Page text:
He also feels that their influence lives on in him.

“Some of the darker aspects of my own personality - the ability to bear long grudges, a lust for revenge, a flash temper and grim gallows humour - were all in there.

“A friend looked at the list of Reiver surnames that I worked on and commented that it ‘looked like the list from the Wallsend Pubwatch scheme.’”

Jon stresses that his book is intended as a readable account of historic true crime rather than a piece of academia.

“I hope it brings the characters back to life and tells their story from their view. I’m trying put a head back in the steel helmets that lie empty in museums.

“I approached it as a crime writer. The Reivers weren’t just stealing livestock; they were involved in protection rackets, burglaries, kidnapping, over-inflated and fraudulent insurance claims, murders and blood feuds.

“It wasn’t just a case of Scotland v England either. Criminals from both sides of the line would regularly join together. English raiders hit England and Scottish raiders hit Scotland, as well as crossing over the border.

“The Scottish raiders were happy to take English pay to burn their own country, as were the English. My grandma, a Scott, had a saying: ‘The English don’t want us, and the Scottish won’t have us.’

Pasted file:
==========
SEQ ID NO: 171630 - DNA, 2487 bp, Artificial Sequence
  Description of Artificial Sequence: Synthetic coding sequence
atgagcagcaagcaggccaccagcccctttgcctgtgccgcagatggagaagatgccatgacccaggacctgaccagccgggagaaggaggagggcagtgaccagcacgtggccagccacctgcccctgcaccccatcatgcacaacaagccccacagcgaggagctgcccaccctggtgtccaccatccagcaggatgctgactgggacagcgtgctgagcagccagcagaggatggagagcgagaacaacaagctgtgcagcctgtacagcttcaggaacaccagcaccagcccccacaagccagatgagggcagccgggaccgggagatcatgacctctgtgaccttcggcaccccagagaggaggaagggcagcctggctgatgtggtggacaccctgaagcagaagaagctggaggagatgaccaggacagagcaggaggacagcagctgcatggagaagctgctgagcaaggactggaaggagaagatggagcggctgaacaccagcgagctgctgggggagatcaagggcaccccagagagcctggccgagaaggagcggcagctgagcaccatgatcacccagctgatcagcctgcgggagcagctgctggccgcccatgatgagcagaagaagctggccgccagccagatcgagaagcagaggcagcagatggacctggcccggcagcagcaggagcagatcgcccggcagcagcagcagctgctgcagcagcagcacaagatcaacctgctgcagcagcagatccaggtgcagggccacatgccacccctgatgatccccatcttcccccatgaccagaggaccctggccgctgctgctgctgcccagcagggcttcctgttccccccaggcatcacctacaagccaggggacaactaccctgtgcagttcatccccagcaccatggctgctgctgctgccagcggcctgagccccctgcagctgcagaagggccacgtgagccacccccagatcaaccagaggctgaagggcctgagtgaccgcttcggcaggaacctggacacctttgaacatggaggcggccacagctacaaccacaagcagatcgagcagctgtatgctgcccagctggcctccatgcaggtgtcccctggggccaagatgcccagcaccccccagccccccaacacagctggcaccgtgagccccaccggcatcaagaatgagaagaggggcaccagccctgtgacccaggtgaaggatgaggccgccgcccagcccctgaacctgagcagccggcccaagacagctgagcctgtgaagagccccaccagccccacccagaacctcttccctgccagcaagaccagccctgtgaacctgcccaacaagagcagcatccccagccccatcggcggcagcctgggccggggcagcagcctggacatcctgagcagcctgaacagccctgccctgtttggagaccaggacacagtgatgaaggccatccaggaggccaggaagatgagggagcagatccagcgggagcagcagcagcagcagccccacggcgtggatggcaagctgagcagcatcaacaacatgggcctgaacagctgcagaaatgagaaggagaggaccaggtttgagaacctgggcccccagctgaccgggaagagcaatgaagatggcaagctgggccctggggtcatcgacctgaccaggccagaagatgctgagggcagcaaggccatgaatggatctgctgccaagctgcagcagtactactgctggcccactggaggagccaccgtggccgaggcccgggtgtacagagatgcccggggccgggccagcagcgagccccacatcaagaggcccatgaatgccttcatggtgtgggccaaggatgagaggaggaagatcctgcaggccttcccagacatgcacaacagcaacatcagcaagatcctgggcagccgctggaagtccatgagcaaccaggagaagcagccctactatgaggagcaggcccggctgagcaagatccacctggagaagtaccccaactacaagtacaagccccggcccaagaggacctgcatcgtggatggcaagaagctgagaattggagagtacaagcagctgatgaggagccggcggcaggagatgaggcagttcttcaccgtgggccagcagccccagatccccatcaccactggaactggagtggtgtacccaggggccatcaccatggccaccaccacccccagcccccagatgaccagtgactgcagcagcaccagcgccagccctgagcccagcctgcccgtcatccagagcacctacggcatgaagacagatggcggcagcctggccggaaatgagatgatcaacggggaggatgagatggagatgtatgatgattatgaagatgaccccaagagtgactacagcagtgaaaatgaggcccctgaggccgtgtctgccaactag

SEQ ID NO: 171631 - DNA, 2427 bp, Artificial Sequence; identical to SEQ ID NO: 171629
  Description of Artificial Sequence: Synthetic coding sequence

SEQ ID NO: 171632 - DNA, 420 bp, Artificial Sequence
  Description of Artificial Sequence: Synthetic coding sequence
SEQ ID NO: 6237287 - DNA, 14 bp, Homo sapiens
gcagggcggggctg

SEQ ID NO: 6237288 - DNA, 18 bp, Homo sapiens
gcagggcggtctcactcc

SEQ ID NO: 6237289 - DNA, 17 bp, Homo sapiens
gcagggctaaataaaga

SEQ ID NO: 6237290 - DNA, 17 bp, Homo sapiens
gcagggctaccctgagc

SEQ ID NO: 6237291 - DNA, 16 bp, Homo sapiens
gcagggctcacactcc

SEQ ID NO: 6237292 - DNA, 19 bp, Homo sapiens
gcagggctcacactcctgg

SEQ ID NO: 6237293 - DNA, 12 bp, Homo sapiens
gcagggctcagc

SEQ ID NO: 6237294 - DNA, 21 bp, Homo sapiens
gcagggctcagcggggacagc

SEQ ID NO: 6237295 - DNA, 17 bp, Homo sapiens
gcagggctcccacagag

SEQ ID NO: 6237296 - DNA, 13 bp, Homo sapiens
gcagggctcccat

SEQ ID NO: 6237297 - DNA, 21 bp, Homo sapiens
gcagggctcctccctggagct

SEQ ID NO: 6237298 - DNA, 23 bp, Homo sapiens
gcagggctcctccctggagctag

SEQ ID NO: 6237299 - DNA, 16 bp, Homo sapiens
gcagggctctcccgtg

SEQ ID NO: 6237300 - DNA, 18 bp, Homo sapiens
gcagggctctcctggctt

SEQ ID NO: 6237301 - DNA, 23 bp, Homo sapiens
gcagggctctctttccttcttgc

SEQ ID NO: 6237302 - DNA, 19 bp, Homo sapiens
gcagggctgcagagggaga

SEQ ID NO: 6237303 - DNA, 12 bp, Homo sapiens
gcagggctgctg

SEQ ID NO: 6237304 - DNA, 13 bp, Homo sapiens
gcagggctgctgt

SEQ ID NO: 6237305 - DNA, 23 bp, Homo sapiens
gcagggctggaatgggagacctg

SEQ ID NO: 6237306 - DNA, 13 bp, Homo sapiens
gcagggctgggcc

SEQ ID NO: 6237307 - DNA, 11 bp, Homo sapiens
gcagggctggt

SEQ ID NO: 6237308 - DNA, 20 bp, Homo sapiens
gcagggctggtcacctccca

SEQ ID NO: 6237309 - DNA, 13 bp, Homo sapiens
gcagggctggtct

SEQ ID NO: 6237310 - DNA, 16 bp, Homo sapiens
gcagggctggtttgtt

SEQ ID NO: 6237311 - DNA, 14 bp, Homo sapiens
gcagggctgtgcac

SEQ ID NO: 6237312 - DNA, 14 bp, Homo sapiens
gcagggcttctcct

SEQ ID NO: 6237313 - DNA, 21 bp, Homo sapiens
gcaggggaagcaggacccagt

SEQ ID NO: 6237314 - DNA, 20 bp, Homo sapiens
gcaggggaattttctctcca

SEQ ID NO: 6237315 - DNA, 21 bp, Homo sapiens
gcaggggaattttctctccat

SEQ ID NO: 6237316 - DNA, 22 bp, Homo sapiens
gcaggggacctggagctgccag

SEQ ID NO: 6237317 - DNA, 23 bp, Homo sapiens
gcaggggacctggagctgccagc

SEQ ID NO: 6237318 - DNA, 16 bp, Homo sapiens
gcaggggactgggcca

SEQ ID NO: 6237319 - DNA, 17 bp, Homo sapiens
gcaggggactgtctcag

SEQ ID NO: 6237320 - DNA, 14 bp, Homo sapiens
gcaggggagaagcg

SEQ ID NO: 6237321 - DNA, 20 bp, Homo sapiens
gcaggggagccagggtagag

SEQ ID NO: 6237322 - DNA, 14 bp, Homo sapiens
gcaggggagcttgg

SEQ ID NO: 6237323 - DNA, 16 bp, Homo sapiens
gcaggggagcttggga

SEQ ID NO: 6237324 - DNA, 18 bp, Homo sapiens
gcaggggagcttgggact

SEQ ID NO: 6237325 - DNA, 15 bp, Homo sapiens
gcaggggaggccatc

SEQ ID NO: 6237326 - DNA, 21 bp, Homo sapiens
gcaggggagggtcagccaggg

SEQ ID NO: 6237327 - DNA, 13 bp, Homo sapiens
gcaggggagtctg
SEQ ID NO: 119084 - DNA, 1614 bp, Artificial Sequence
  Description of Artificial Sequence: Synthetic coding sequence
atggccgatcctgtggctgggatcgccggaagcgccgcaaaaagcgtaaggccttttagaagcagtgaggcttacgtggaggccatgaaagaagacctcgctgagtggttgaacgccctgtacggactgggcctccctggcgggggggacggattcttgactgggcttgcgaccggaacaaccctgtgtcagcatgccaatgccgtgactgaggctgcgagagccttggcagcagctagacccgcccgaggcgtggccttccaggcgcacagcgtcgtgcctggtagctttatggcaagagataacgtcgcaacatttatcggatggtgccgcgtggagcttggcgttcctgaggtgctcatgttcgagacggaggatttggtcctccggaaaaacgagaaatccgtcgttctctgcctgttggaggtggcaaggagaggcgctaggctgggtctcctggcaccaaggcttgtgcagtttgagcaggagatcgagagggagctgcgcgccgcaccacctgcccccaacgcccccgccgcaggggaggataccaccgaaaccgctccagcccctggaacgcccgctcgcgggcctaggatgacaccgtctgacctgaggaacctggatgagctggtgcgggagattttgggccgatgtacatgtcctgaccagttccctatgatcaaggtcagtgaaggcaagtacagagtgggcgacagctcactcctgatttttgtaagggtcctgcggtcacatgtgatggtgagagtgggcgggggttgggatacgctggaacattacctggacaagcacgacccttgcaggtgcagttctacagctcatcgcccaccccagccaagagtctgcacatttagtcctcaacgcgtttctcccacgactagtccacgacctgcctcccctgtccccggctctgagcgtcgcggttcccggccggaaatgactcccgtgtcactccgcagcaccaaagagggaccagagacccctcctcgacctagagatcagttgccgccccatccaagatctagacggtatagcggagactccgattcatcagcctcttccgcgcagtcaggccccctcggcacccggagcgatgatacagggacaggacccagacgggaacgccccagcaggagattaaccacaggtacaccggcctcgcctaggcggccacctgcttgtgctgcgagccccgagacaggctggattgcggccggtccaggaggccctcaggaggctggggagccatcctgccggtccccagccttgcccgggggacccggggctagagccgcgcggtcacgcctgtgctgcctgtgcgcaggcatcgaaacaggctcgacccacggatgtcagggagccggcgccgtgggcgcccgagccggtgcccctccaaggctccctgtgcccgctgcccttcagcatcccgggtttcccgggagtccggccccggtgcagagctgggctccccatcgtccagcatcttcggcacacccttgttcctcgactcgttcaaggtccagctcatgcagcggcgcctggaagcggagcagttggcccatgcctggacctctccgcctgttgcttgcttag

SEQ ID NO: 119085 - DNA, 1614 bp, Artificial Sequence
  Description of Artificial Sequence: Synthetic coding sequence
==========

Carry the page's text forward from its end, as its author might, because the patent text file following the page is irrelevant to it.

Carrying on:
“I think that remains pertinent to the Borders today. We were burned out and killed by the crowns of both sides.

“In the aftermath of the battle at Flodden Field [in 1513], English and Scottish borderers joined together to rob the camps of both armies. It’s always been family and friends first and sod the rest.”

A desire to be different to previous books about the Reivers is one reason why Jon focused on the 1597 demand for hostages as an attempt to break the Reivers’ power.

He says: “One of the popular misconceptions about the Reivers is that their grip was broken in 1603 when the Scottish King James VI ascended to the English throne.

“But there had been major efforts to break them in the years leading up to that point, and the hangings, banishments and outlawry continued for at least 40-odd years after. The reiving culture did not die overnight. It was a long and drawn-out process.

“Reiving was about earning money, maintaining land, power and title as much as anything. Most Reivers were protected by the more powerful landowners that sat on juries and wouldn’t convict their friends.

“Many of those jurors were raiders themselves. It was a thoroughly corrupt system as the Borderers exploited the March Laws that applied here in the Six Marches - and nowhere else in the country - to their own ends. Raiding was organised crime.”

Jon’s previous books include the best-selling travel guide Northumberland: 40 Coast and Country Walks.

His other works include novels, poetry collections and books about football. His latest work feels particularly personal.

“Many other writers have penned books on the border Reivers. But I’m a borderer who has lived on the border all my life, and can draw a straight line back to them.

“It’s probably as close as you’re likely to get to an insider confessional.”

* Dick the Devil’s Bairns: Breaking the Border Mafia is published by Fyrebrand.